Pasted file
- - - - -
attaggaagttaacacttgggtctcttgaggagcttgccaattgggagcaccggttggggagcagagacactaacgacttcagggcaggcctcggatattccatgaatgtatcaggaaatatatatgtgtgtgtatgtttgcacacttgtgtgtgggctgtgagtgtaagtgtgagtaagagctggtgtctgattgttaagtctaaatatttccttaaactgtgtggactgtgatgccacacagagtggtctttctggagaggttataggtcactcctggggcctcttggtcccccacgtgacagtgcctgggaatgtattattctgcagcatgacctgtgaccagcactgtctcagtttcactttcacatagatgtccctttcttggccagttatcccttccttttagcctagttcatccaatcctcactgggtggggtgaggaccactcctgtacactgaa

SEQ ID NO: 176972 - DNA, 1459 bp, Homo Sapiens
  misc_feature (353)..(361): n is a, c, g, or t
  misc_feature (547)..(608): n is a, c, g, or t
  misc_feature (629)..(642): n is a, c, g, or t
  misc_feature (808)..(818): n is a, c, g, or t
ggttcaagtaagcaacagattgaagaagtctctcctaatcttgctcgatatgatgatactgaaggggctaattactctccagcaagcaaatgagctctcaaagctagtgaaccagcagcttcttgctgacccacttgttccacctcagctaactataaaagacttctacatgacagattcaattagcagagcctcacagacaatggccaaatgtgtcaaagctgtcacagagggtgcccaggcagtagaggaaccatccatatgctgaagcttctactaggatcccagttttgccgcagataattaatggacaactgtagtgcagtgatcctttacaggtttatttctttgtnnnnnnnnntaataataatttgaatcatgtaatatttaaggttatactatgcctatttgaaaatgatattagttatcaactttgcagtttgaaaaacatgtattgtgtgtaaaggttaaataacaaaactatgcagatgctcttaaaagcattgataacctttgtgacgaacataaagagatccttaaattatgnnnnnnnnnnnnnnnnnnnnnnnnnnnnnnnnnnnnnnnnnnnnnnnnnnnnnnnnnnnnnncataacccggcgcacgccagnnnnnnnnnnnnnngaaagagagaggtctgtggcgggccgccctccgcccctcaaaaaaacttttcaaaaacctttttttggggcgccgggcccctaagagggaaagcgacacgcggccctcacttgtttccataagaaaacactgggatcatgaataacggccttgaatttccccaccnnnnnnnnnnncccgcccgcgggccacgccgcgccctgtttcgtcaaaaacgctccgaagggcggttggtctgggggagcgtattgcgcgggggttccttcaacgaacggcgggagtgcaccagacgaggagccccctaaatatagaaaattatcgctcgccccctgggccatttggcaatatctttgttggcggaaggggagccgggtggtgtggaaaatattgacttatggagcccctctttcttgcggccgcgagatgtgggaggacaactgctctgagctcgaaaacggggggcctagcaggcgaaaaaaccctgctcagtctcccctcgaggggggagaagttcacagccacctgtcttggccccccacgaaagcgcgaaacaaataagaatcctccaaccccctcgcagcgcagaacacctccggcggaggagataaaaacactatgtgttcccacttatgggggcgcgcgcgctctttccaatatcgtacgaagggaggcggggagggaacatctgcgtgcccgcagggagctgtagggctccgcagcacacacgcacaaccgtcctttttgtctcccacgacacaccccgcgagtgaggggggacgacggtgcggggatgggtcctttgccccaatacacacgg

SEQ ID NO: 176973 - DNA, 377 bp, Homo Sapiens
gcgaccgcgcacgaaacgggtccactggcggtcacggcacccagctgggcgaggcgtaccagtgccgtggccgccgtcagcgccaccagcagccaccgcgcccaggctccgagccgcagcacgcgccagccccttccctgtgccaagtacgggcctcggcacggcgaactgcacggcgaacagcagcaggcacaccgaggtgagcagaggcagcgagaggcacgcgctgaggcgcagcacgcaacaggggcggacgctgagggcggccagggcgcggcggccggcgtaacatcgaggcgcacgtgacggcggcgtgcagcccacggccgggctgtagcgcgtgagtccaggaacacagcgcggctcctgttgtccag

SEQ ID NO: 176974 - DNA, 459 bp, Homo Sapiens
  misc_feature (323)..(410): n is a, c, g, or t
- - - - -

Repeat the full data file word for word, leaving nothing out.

attaggaagttaacacttgggtctcttgaggagcttgccaattgggagcaccggttggggagcagagacactaacgacttcagggcaggcctcggatattccatgaatgtatcaggaaatatatatgtgtgtgtatgtttgcacacttgtgtgtgggctgtgagtgtaagtgtgagtaagagctggtgtctgattgttaagtctaaatatttccttaaactgtgtggactgtgatgccacacagagtggtctttctggagaggttataggtcactcctggggcctcttggtcccccacgtgacagtgcctgggaatgtattattctgcagcatgacctgtgaccagcactgtctcagtttcactttcacatagatgtccctttcttggccagttatcccttccttttagcctagttcatccaatcctcactgggtggggtgaggaccactcctgtacactgaa

SEQ ID NO: 176972 - DNA, 1459 bp, Homo Sapiens
  misc_feature (353)..(361): n is a, c, g, or t
  misc_feature (547)..(608): n is a, c, g, or t
  misc_feature (629)..(642): n is a, c, g, or t
  misc_feature (808)..(818): n is a, c, g, or t
ggttcaagtaagcaacagattgaagaagtctctcctaatcttgctcgatatgatgatactgaaggggctaattactctccagcaagcaaatgagctctcaaagctagtgaaccagcagcttcttgctgacccacttgttccacctcagctaactataaaagacttctacatgacagattcaattagcagagcctcacagacaatggccaaatgtgtcaaagctgtcacagagggtgcccaggcagtagaggaaccatccatatgctgaagcttctactaggatcccagttttgccgcagataattaatggacaactgtagtgcagtgatcctttacaggtttatttctttgtnnnnnnnnntaataataatttgaatcatgtaatatttaaggttatactatgcctatttgaaaatgatattagttatcaactttgcagtttgaaaaacatgtattgtgtgtaaaggttaaataacaaaactatgcagatgctcttaaaagcattgataacctttgtgacgaacataaagagatccttaaattatgnnnnnnnnnnnnnnnnnnnnnnnnnnnnnnnnnnnnnnnnnnnnnnnnnnnnnnnnnnnnnncataacccggcgcacgccagnnnnnnnnnnnnnngaaagagagaggtctgtggcgggccgccctccgcccctcaaaaaaacttttcaaaaacctttttttggggcgccgggcccctaagagggaaagcgacacgcggccctcacttgtttccataagaaaacactgggatcatgaataacggccttgaatttccccaccnnnnnnnnnnncccgcccgcgggccacgccgcgccctgtttcgtcaaaaacgctccgaagggcggttggtctgggggagcgtattgcgcgggggttccttcaacgaacggcgggagtgcaccagacgaggagccccctaaatatagaaaattatcgctcgccccctgggccatttggcaatatctttgttggcggaaggggagccgggtggtgtggaaaatattgacttatggagcccctctttcttgcggccgcgagatgtgggaggacaactgctctgagctcgaaaacggggggcctagcaggcgaaaaaaccctgctcagtctcccctcgaggggggagaagttcacagccacctgtcttggccccccacgaaagcgcgaaacaaataagaatcctccaaccccctcgcagcgcagaacacctccggcggaggagataaaaacactatgtgttcccacttatgggggcgcgcgcgctctttccaatatcgtacgaagggaggcggggagggaacatctgcgtgcccgcagggagctgtagggctccgcagcacacacgcacaaccgtcctttttgtctcccacgacacaccccgcgagtgaggggggacgacggtgcggggatgggtcctttgccccaatacacacgg

SEQ ID NO: 176973 - DNA, 377 bp, Homo Sapiens
gcgaccgcgcacgaaacgggtccactggcggtcacggcacccagctgggcgaggcgtaccagtgccgtggccgccgtcagcgccaccagcagccaccgcgcccaggctccgagccgcagcacgcgccagccccttccctgtgccaagtacgggcctcggcacggcgaactgcacggcgaacagcagcaggcacaccgaggtgagcagaggcagcgagaggcacgcgctgaggcgcagcacgcaacaggggcggacgctgagggcggccagggcgcggcggccggcgtaacatcgaggcgcacgtgacggcggcgtgcagcccacggccgggctgtagcgcgtgagtccaggaacacagcgcggctcctgttgtccag

SEQ ID NO: 176974 - DNA, 459 bp, Homo Sapiens
  misc_feature (323)..(410): n is a, c, g, or t